• nice long argument based on “I imagine… I presume…” this happens in other countries lol. But seriously. I know in the tourism sector, there’re higher contributions to insurance fund exactly to cover up the dead work time allowances. But as in case of paid pension contributions, no state officials feels even a little bit ashamed to cut with Troika orders.

      “Why should taxpayers pay for people who are not working?” why don’t hotel, restaurant & shop onwers in tourism do not hire full year? I on my part could imagine tourists prepapring their own meals, clean their room and do big style hotel laundry, should tourism personnal disappear.

    • but my father-in-law has had his pension cut down to almost peanuts, so everyone has to have a share in this austerity I presume.

      Did it ever occur to you to think that neither your father-in-law nor anybody else should have their income decimated in the first place? It also is a very illogical statement to make that because something happens to A it therefor must happen to B? Could it possibly be that the real crux here is that what happened to your father-in-law should not have happened in the first place? Like seasonal workers paying into a social fund to cover themselves for amongst other things the eventuality of unemployment, I assume your fatherin-law paid into a pension fund to enjoy a pension. It is therefor logical to conclude that both your father-in-law and the seasonal workers should have first preference when it comes to using thier taxes. It should alos be clear that these funds should not, ever, have been used to settle the debt of third parties. that, in anybody’s language except for the Neo-Liberal capitalist, is theft. The Neo-liberal capitalist calls it “adjustment”, but make sure he is not the one who is having his income adjusted…
      As for the illegal (seasonal) workers, the main problem there is not the worker, but the employer who no doubt makes a lot more profit by employing illegal workers. No illegal workers without profiteering employers, in the same way that you cannot have reckless borrowing without reckless lending. And ulike the chicken and egg question, here we know 100% certain which comes first and isn’t tackled…

    • Agree…don’t blame Troika for all,look yourself in the mirror!!! I live in Grecce 11 years, never get unemployment money. Moving to Swiss or Austrin alps looking for job every winter. 2 years ago I became mother and it is not easy now. But I packing all my things in these days, start winter job in 3 weeks and be back in may for summer job here. With my baby and my husband. I scared of my future, my child will go to school in few years…I will probably live in Greece all year and my husband will go for winter job. It will be difficult, but I don’t complain. If you are season worker life is like this-(. Out of Greece is even harder (no benefits for 5 months ensima, but minimum 12 months ensima (2 seasons) for 3 months unemployment.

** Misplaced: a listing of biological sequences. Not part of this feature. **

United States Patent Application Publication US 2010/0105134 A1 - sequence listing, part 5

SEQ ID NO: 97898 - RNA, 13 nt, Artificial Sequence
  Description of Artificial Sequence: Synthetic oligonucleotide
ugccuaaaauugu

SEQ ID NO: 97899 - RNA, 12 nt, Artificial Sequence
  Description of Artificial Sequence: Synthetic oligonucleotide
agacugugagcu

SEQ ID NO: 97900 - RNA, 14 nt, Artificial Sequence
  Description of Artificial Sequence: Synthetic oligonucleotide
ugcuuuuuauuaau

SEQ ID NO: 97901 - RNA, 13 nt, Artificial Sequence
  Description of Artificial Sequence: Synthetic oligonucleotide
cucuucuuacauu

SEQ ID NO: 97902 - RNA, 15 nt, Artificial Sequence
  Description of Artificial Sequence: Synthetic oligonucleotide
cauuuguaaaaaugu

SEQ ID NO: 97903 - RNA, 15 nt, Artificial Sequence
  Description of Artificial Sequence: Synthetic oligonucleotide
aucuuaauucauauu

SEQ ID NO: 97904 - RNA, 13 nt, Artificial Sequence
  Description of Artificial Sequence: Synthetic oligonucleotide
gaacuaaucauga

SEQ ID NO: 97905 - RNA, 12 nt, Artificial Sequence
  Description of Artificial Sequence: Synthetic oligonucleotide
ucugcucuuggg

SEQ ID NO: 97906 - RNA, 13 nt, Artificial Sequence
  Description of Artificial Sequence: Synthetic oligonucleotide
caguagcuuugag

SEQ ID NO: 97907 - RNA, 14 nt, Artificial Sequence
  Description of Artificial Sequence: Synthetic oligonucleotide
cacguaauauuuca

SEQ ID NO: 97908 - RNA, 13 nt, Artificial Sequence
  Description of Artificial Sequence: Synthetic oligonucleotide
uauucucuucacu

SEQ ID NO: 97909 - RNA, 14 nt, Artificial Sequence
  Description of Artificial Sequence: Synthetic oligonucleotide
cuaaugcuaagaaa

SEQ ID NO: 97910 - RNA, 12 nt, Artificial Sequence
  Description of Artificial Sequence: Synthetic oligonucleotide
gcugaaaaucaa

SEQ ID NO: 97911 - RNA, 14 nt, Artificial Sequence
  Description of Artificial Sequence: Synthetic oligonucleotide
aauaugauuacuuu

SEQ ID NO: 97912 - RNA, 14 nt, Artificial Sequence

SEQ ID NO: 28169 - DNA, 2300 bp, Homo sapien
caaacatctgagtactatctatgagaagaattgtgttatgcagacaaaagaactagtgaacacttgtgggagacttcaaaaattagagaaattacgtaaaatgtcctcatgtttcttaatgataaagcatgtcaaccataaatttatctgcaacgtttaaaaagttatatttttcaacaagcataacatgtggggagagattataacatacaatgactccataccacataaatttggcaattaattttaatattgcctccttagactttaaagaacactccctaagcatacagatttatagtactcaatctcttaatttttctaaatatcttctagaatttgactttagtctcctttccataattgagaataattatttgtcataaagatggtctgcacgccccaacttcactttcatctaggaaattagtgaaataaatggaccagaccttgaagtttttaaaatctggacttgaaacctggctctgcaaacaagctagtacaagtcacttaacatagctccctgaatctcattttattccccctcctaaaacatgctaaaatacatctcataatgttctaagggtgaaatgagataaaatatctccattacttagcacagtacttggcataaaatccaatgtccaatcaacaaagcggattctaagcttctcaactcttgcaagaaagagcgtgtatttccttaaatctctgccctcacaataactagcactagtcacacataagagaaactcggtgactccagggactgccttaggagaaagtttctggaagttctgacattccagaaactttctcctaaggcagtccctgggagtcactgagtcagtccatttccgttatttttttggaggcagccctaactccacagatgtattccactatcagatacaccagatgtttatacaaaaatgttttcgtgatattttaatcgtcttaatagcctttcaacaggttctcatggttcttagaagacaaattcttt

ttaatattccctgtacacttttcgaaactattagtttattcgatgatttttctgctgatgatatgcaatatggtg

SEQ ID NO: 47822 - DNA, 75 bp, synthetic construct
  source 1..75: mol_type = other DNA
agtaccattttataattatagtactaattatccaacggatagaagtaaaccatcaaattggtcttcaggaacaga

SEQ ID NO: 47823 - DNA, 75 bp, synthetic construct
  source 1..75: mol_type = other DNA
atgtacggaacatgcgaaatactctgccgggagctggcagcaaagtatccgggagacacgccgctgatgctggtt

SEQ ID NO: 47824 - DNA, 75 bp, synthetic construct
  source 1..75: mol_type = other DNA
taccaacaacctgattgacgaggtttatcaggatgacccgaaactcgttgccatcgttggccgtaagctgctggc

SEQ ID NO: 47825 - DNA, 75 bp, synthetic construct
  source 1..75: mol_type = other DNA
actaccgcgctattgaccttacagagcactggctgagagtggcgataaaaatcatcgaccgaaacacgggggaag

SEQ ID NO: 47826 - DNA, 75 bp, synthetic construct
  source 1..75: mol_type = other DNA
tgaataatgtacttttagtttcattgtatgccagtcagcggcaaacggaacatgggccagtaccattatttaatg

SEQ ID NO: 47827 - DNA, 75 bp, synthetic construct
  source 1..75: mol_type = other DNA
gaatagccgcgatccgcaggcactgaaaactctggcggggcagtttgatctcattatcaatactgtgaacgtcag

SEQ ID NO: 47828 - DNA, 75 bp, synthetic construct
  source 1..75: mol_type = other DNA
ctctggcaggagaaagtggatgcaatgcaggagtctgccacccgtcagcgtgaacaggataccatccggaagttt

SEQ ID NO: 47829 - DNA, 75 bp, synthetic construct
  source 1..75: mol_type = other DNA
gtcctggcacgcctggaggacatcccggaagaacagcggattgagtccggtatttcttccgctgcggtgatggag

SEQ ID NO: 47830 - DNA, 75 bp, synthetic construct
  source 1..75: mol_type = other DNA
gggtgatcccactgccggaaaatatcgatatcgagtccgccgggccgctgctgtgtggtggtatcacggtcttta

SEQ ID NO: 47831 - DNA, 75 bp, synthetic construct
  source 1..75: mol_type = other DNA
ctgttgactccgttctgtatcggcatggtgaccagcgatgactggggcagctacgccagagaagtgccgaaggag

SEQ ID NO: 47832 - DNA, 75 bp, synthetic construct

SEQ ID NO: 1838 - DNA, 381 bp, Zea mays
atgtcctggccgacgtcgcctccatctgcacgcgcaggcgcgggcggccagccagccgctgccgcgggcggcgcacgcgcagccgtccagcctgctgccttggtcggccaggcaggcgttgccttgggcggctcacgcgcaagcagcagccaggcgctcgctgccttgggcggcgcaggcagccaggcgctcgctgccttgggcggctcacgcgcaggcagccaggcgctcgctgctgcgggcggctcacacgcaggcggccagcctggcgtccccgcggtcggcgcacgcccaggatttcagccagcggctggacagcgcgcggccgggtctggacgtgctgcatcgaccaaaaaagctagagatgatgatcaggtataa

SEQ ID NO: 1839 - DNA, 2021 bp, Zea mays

I am sorry for the people that are in really bad situation. But many people live in fairly tale for last decade.

      • many people live in fairly tale for last decade.

        Sadly enough, it’s not the ones who lived in fairy tale land who are paying the price for the excesses committed in fairly tale land…that is paid for by people like you, who have to move to Switzerland in order to survive the next 6 months or so. And while you are doing that, those responsible for the mess you are paying for are probably playing golf somewhere in Miami or drinking pina colada at the edge of their swimming pool by the villa in the Bahamas…

      • In Holland the law is that if you work for 26 weeks and you get fired you’ll get 70% of your last earned salary for 3 months. That’s the basic right. After that, if you cannot find a job, your are entitled for help from the government but only if you have less than about 11.000 in your bank account.
        mart78: bravo sou! Consider yourself lucky to be able to do that, my husband will do the same (I cannot because of school for the children) but many don’t speak foreign languages and do not have the possibility (or the guts) to go somewhere else